[erlang-questions] Trie Data Structure

Michael Truog <>
Thu Dec 30 15:54:47 CET 2010


The trie:test_speed/0 function is what I used for determining how fast the
trie was for lookups, when compared to a dict.  The wordlist used comes from
the Ubuntu 10.04 installation and is located at /usr/share/dict/words (98569
words with an average of 9.5 characters per word).  You can also specify
your own wordlist with test_speed/1.  The comparison stores all the words
and does lookups on all the words (using is_key, fetch, and find) while
tracking the time taken to do all the lookups.

On Wed, Dec 29, 2010 at 9:04 PM, Ryan Zezeski <> wrote:

> On Wed, Dec 29, 2010 at 9:21 PM, Michael Truog <> wrote:
>
>> Hi,
>>
>> I implemented a trie data structure that has performed 20% faster lookups
>> than the dict implementation in R14B01.  I have tested the code but it can
>> always benefit from more testing.  The trie module provides the same
>> interface as the dict module, but requires a list of integers for the key.
>> Please tell me if you find issues in the code.
>>
>> Code:
>>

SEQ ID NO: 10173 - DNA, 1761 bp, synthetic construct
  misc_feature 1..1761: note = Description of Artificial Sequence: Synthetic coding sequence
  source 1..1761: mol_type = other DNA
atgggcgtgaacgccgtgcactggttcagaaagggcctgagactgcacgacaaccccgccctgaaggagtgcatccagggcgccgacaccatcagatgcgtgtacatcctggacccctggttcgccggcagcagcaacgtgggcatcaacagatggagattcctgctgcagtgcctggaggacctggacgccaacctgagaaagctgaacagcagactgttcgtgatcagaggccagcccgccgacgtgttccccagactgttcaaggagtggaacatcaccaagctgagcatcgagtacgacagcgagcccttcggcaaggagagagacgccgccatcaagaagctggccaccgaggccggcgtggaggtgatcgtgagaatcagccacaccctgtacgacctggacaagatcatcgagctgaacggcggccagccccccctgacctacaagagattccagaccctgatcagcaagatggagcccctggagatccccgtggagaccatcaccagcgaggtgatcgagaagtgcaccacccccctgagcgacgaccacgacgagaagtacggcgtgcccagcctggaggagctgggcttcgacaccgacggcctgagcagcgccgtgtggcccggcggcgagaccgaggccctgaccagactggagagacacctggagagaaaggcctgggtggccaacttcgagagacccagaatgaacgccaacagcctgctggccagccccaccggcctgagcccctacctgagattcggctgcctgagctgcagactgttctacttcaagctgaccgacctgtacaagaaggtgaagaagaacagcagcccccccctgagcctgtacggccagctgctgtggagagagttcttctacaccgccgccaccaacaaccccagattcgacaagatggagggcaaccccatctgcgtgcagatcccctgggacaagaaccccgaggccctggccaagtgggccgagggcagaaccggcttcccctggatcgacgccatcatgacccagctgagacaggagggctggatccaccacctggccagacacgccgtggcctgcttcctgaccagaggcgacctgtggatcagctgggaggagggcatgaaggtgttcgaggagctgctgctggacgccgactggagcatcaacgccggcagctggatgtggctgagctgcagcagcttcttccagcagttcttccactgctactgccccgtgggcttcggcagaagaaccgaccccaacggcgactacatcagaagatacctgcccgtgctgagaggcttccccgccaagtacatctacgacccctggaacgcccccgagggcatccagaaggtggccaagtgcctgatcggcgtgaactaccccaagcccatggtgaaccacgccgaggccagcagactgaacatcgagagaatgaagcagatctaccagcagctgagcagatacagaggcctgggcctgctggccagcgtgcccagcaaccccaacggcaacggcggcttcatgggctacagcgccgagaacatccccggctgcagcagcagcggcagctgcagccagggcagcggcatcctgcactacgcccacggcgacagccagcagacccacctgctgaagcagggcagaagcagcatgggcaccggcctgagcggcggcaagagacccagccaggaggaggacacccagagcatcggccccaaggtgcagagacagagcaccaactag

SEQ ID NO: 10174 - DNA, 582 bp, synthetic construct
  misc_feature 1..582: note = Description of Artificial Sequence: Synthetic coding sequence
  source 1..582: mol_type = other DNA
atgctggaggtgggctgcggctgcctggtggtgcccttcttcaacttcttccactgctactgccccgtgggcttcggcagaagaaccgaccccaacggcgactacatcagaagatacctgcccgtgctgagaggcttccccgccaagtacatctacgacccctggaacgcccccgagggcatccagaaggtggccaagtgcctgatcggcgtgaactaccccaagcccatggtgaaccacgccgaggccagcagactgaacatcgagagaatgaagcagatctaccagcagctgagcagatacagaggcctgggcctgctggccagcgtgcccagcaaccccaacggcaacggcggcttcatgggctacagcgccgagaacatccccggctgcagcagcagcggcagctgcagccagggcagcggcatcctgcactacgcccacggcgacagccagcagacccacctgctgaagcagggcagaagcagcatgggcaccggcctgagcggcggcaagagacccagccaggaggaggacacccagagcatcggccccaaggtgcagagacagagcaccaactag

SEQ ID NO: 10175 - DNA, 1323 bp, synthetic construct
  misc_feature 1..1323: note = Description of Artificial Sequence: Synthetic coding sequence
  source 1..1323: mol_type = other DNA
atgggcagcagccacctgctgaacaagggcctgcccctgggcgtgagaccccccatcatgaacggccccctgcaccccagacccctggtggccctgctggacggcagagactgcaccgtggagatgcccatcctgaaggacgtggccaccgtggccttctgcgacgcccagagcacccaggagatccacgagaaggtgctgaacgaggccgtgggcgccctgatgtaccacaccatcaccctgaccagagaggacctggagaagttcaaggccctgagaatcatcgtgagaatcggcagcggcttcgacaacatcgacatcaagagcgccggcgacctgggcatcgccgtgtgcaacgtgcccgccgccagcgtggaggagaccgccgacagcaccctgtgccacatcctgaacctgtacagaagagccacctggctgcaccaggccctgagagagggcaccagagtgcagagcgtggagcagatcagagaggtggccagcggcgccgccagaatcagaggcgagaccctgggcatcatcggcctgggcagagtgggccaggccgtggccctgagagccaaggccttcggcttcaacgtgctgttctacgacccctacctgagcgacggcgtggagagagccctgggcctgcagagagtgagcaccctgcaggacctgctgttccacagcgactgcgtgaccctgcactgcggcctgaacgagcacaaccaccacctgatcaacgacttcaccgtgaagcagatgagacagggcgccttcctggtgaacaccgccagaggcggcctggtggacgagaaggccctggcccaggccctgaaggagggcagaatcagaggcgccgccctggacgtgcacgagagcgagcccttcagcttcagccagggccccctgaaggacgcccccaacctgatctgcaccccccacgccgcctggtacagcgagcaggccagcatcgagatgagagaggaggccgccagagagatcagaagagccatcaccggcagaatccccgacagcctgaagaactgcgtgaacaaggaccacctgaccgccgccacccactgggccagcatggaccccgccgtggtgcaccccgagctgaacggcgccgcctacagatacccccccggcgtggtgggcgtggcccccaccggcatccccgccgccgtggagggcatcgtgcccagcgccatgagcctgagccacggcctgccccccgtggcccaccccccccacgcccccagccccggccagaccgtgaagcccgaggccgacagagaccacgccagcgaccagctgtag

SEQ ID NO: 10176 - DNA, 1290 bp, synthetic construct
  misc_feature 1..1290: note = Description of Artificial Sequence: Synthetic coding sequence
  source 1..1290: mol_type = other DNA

>> https://github.com/okeuday/CloudI/blob/master/src/lib/cloud_stdlib/src/trie.erl
>>
>> Blog posts:
>> http://okeuday.livejournal.com/16454.html
>> http://okeuday.livejournal.com/16182.html (dict as the fastest general
>> tree
>> data structure)
>>
>> I know you can use ETS for similar problems, but avoiding shared data
>> helps
>> utilize Erlang's scalability advantages.
>>
>> Thanks,
>> Michael Truog
>>
>
> Do you have the benchmark and dataset available as well?  I wrote a trie in
> Erlang a few weeks ago and I'm just curious how it stacks up.
>
> --
> *.........01010...00..00...0100...00..00.
> .........10..11...0100...11..00..101.01.
> .111010..01100.....10....101110..01.101.
> .........10..10....11....01..10..10..01.
> .........00..00....00....00..00..00..00.
> ........................................*
>


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